I went a long way from my usual sort of preference mainly because I watch on Prime and I've run out of decent scifi. I didn't think I was going to enjoy this and I found the lead actor annoying at first. I didn't think that the beautiful aide de complice would fancy him in real life and the story began a bit slick. Then I found I was getting more interested as the plot wove a pretty tangle. I liked it, loved the spaghetti western karmic ending.
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TOP 500 REVIEWERon 6 November 2013
Ritchie (Justin Timberlake) is a student at Princeton. He goes on line and gambles away his tuition money, and afterwards realizes that unlicensed off shore on line gambling web sites are dishonest. GOSH! Richie gathers the statistical evidence and travels to paradise to meet up up Ivan Block (Ben Affleck) the owner of the web site. Block recognizes Richie's genius and invites him in for a big slice of the pie. Richie recruits some of his nerd friends to help him out. About 30 minutes into the story the FBI (Anthony Mackie) confronts Richie and wants him to be an informant...or else he can never go back to New Jersey and maybe New York. Richie is faced with a dilemma of being super rich in paradise with Ivan's girlfriend Gemma Arterton clinging to him or Newark. Oh what to do, what to do.

No one plays for free.

The film is mostly a light action drama. Timberlake and Affleck looked good on the screen and tried to give some life to a tired script but only succeeded in appearing unconvincing in their roles, especially Affleck. The dialouge had some good lines, but needed more. It wasn't a film that I could get into. I couldn't help think about "21" which is a far better gambling film.

When you play against a computer designed to take your money, it isn't gambling.

Works as a rental.

Parental Guide: F-bomb. Implied sex. No nudity.
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on 6 January 2015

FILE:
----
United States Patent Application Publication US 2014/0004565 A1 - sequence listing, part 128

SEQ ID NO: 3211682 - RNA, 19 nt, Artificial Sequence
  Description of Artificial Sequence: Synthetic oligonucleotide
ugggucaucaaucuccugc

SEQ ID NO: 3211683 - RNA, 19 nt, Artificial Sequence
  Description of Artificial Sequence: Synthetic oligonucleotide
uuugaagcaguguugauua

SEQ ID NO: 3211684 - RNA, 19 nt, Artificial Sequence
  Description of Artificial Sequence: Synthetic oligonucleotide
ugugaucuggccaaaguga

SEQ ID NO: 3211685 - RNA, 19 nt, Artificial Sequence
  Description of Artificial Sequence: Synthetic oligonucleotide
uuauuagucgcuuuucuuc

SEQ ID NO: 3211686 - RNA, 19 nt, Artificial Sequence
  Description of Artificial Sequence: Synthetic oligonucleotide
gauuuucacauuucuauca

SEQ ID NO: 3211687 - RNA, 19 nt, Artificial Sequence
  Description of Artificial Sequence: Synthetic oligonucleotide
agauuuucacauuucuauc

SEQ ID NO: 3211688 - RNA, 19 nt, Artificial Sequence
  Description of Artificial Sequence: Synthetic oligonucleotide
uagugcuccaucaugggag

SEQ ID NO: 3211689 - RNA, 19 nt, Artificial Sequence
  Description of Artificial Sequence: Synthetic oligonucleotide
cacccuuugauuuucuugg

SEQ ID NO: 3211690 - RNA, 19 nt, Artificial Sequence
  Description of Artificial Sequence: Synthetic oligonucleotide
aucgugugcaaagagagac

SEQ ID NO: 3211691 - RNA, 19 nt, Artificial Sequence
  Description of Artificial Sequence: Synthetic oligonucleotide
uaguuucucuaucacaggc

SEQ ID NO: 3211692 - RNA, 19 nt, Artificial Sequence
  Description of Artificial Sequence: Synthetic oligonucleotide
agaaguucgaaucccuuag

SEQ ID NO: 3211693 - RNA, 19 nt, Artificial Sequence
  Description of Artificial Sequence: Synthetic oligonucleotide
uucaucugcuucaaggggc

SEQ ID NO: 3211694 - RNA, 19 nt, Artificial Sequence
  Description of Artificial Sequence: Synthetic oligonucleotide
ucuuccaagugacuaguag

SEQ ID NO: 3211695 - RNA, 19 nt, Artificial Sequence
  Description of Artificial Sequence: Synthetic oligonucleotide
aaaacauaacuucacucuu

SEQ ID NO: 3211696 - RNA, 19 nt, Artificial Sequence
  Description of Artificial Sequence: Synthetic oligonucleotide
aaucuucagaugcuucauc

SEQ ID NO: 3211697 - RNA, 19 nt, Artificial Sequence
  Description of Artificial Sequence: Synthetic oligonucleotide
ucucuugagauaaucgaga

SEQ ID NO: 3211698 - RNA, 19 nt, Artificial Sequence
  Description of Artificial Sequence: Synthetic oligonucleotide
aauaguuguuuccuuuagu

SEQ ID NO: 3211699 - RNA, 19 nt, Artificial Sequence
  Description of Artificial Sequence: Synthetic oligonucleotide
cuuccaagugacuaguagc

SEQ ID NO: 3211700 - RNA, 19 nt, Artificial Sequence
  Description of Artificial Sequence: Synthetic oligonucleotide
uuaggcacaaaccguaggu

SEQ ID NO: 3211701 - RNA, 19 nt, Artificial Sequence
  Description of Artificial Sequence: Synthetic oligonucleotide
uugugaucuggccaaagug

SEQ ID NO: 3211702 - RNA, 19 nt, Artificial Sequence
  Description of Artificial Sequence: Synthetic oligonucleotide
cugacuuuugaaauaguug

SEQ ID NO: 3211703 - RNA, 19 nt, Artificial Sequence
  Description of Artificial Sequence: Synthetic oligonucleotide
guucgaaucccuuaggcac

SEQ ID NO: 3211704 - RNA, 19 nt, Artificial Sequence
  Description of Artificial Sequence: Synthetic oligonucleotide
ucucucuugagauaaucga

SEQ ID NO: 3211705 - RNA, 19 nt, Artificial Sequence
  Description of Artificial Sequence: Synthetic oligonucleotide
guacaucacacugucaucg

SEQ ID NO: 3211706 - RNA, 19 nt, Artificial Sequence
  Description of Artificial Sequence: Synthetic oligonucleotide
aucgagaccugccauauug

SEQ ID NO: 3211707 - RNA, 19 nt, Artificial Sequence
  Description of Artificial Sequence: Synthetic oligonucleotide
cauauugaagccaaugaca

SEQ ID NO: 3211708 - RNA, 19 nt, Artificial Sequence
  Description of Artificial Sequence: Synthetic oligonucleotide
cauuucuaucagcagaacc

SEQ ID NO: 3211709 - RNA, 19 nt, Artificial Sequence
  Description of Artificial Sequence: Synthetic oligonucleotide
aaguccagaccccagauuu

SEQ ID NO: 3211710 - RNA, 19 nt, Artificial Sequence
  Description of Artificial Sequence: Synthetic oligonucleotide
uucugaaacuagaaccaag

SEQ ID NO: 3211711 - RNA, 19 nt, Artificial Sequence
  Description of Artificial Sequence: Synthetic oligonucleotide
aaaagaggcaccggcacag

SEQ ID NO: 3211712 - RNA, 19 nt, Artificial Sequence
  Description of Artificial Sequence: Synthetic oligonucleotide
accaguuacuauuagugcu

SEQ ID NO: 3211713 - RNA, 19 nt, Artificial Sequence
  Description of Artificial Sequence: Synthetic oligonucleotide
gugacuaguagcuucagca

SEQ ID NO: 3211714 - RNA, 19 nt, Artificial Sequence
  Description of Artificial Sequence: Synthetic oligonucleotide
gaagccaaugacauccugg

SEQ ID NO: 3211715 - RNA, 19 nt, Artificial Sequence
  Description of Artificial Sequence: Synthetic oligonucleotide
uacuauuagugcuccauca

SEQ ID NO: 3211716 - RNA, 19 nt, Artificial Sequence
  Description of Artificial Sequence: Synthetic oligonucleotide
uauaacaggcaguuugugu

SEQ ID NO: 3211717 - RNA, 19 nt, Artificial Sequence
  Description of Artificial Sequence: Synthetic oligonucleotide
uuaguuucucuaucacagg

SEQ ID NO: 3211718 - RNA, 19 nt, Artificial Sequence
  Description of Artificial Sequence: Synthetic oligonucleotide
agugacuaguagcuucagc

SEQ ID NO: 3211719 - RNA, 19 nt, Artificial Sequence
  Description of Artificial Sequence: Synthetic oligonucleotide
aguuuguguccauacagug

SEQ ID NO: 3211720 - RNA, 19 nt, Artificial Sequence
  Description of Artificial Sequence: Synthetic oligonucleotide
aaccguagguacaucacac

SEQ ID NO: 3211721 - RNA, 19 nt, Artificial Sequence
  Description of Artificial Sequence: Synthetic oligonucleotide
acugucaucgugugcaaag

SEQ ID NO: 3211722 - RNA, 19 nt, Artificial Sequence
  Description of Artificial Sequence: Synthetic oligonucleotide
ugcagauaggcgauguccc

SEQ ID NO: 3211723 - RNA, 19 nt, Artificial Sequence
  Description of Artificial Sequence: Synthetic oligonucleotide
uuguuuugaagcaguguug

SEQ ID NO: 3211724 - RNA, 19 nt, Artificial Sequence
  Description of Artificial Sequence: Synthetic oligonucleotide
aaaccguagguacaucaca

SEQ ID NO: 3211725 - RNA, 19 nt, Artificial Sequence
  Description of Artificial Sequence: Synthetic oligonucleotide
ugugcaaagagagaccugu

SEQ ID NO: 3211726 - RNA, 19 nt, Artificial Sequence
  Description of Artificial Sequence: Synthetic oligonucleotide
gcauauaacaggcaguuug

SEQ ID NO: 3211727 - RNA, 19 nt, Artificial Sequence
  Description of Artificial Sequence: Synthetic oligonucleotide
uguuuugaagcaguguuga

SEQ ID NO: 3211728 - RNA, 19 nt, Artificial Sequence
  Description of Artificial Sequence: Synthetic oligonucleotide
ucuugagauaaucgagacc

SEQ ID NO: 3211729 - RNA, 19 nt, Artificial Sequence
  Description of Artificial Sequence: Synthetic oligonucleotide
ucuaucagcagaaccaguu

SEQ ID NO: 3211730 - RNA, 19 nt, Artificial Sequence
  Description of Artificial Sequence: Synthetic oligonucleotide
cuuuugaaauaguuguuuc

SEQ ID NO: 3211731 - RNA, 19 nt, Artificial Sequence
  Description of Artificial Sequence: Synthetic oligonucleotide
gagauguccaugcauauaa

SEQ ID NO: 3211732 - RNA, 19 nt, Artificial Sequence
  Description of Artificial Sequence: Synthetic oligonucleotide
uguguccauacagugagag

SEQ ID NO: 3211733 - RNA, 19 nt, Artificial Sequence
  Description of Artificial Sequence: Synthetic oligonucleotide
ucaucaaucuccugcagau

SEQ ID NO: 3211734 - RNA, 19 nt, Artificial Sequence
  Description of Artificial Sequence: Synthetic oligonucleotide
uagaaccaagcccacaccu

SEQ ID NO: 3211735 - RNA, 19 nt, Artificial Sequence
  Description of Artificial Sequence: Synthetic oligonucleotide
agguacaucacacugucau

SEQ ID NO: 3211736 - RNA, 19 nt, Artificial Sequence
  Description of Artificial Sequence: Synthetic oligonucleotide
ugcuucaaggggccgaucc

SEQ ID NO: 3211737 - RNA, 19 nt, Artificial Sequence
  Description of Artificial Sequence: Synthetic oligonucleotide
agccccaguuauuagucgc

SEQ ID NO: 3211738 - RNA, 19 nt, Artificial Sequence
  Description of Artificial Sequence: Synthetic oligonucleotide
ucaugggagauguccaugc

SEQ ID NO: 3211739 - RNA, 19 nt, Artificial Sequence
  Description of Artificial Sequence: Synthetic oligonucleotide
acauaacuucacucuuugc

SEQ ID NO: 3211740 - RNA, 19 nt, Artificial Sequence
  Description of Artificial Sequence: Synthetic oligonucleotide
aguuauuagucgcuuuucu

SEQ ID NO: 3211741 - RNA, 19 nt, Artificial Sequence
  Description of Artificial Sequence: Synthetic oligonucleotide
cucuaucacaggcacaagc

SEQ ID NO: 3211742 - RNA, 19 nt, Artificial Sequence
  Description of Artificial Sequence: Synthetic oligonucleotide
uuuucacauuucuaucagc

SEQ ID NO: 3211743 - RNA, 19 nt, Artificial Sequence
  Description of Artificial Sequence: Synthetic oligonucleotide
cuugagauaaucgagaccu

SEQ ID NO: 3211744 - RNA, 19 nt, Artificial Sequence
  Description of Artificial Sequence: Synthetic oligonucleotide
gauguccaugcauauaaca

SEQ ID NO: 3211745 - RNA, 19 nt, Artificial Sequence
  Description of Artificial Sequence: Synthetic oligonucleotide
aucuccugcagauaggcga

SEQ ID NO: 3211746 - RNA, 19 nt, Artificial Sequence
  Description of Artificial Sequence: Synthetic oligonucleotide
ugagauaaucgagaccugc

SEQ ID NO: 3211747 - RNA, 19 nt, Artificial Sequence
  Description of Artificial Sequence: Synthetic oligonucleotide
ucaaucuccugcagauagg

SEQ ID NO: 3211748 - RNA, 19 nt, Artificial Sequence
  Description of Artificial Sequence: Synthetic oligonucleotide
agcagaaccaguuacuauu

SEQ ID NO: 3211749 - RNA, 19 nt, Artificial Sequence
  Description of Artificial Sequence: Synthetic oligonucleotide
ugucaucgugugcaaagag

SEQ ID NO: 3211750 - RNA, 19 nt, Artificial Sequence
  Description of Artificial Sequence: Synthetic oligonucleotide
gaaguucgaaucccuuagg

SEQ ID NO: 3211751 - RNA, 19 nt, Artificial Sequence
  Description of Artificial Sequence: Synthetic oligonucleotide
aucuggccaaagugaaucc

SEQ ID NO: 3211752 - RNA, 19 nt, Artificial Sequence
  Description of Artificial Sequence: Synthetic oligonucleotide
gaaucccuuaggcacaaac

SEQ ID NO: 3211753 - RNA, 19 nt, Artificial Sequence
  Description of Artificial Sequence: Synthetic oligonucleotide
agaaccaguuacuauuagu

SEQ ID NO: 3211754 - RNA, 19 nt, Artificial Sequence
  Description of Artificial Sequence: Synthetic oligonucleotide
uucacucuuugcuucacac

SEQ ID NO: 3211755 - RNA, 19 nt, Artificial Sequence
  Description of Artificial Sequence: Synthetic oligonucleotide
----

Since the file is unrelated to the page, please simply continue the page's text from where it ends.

pretty poor film. really wish I hadn't wasted my time watching it. Justin timberlake please stick to singing as I really don't like you as an actor. or a singer to be frank.
a good cast apart from him but I found the story boring, drab and unimaginative.
if you like the tricks and trades of gambling then you will probably enjoy this, from this point of view I suppose the plot is good.
but for me what a load of rubbish
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on 21 October 2015
good basic plot in a great location and a cast who can act

but poor, wooden acting made it unbelievable. Either direction was poor or the actors just turned up for the money. Even two criminals being fed to crocodiles failed to garnish any emotion.

I was bored and twice moved away to make a cuppa or check e-mails which never normally happens with movies.

Watched on Amazon Prime.
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on 10 April 2014
Within the first 20 mins you witness Justin Timberlake transfer all of his savings to an online gambling site and then he proceeds to lose every penny, 5 mins later he is on a plane to Costa Rica, staying in a fairly nice apartment in an attempt to meet the guy who runs this site to try and get his money back as he believes he was cheated. This is one of many plot holes, we saw the guy's account was empty so did he rob a bank on his way to the airport?
Any how, if you can ignore the plot holes you're left with a fairly average thriller. It could have been a bit better without Justin Timberlake, he's just not a convincing lead, at no point did I care whether his character was going to get out of this scrape or not and that completely destroys any intended tension there was present in the film. Ben Affleck was actually the one keeping this film a float, he was perfect as the slimey, sleazy guy who bought his way out of any situation but without a decent actor to play off or better than average writing, the film fails.
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on 27 April 2014
The movie is about an internet gambling magnate/crook,Ben Afleck,and a guy who makes mistakes ,but is not reaaly bad.Justin Timberlake.
I never found anything interesting in Ben Afleck,as an actor.He has "elevated" his inability to act into "style".His voice rarely fluctuates,his facial muscles rarely move.That about sums up his acting.Add to it another mediocre actor,Timberlake,an improbable and unnecessarily confusing script,and a director who does not know whether he is coming or going,and you have just about summed up this movie.Oh,yes.Include a couple of "exotic countries",a lot of money,a girl and a "happy ending " and you just have the epitomy of what contemporary U.S. movies stand for.
Very little.